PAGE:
TESTING TIMES

With a cross section of 22 LR ammo from subs to high velocity I fitted up my old Leupold VXII 3-9x50 scope in a Sporstmatch 1” Dampa Mount. I had a Third Eye Tactical, reflex, rimfire can! I was also keen to see how the heavy barrel shot as in previous tests on the S&W M&P 15-22 Custom Shop and the SIG 522 Target both of which also have heavier/longer tubes neither showed any really significant accuracy improvements over their standard versions.

Magazines proved hard to fill, as they have no pull-down side buttons as the Smith and Colt Tactical/HKs do. Like the Black Dog units I expected them to smooth up after a few fills; they did but the running-in period was noticeably longer. I checked the springs and they were not overly powerful or long either. It’s just a matter of busting your thumb until they surrender!
The rifle ran well enough with all ammo-types and makes, though subs did not always lock back the action as reliably as the faster stuff. Accuracy was assessed off the bench, supported at 50 yards. In general groups ran between 1⁄2 to 1” with a working average of 3⁄4” being most common. I found best performance with high velocity brands.

With the forward assist block in place I could get up to 250-rounds with a few short bolts and the usual ammo-related issues unavoidable on 22 rimfire semis. With it removed you can add another 100-150 rounds before a good clean is required. So on that score about what you might expect from a SIG or Smith. I think that for an out of the box rifle the Mk4 HT is CMMG’s best yet! Build quality and finish is good and it has potential it’s just annoying that CMMG have not finished the job 100%. The M4T is identical apart from the lighter/M4-profile barrel with flash hider and weight at 6.3 lbs, which I think would be my choice if I was buying.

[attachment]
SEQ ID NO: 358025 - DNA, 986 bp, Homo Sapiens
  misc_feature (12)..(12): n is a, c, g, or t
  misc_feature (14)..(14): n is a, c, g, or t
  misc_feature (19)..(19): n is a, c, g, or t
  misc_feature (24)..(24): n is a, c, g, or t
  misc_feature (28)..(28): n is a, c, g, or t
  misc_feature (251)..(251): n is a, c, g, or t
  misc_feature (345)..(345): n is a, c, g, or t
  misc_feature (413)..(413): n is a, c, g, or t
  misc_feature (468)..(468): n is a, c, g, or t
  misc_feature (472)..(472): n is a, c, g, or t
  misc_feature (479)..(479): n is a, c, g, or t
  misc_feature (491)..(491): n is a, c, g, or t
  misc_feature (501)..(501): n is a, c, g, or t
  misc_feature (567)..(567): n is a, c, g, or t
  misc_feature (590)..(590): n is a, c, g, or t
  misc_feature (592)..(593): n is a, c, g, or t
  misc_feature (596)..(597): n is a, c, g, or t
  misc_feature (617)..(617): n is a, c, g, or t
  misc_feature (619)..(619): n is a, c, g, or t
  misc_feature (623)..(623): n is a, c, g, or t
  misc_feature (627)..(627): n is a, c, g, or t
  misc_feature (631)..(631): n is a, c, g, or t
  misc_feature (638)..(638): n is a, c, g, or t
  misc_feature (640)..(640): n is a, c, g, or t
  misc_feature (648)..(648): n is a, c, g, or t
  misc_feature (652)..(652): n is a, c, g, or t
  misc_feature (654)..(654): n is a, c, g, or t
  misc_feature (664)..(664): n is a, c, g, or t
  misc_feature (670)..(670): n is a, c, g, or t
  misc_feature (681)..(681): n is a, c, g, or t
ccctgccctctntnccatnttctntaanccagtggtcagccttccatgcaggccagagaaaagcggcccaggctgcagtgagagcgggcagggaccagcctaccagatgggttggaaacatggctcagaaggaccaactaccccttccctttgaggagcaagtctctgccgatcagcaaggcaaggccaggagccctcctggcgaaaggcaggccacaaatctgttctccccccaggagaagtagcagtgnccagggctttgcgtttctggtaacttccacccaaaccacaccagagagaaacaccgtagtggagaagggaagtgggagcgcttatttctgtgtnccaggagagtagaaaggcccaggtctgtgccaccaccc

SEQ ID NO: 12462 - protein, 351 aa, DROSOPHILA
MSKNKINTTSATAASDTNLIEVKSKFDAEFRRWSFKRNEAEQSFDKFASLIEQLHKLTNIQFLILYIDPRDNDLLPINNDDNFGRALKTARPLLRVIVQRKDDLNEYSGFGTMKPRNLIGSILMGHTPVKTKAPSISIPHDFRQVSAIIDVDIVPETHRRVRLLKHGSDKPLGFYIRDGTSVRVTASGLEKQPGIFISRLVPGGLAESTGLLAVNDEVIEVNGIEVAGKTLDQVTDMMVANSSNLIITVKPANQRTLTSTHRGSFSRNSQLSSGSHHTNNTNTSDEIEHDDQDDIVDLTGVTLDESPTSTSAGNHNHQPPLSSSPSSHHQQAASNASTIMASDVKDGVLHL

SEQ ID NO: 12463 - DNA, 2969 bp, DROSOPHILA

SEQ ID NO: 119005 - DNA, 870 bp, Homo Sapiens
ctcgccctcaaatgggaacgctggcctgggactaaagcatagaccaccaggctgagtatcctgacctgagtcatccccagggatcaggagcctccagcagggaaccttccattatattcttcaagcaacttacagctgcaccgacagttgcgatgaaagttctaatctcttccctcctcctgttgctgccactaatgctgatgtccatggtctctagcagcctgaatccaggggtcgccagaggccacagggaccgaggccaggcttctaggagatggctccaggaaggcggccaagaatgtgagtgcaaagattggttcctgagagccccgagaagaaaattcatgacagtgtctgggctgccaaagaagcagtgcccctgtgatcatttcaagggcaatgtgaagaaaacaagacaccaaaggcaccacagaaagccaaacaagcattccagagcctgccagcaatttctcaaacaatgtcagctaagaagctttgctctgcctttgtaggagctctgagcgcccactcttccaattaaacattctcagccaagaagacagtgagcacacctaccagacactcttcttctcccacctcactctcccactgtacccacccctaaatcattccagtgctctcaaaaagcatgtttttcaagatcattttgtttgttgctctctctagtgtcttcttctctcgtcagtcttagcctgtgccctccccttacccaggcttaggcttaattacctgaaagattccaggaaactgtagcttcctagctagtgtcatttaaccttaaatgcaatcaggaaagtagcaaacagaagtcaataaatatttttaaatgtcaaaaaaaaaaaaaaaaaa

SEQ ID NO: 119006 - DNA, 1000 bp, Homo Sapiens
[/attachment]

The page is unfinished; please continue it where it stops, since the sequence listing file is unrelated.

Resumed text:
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  • CMMG multi 4HB semi auto rifle - image {image:count}

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  • CMMG multi 4HB semi auto rifle - image {image:count}

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  • CMMG multi 4HB semi auto rifle - image {image:count}

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  • CMMG multi 4HB semi auto rifle - image {image:count}

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  • CMMG multi 4HB semi auto rifle - image {image:count}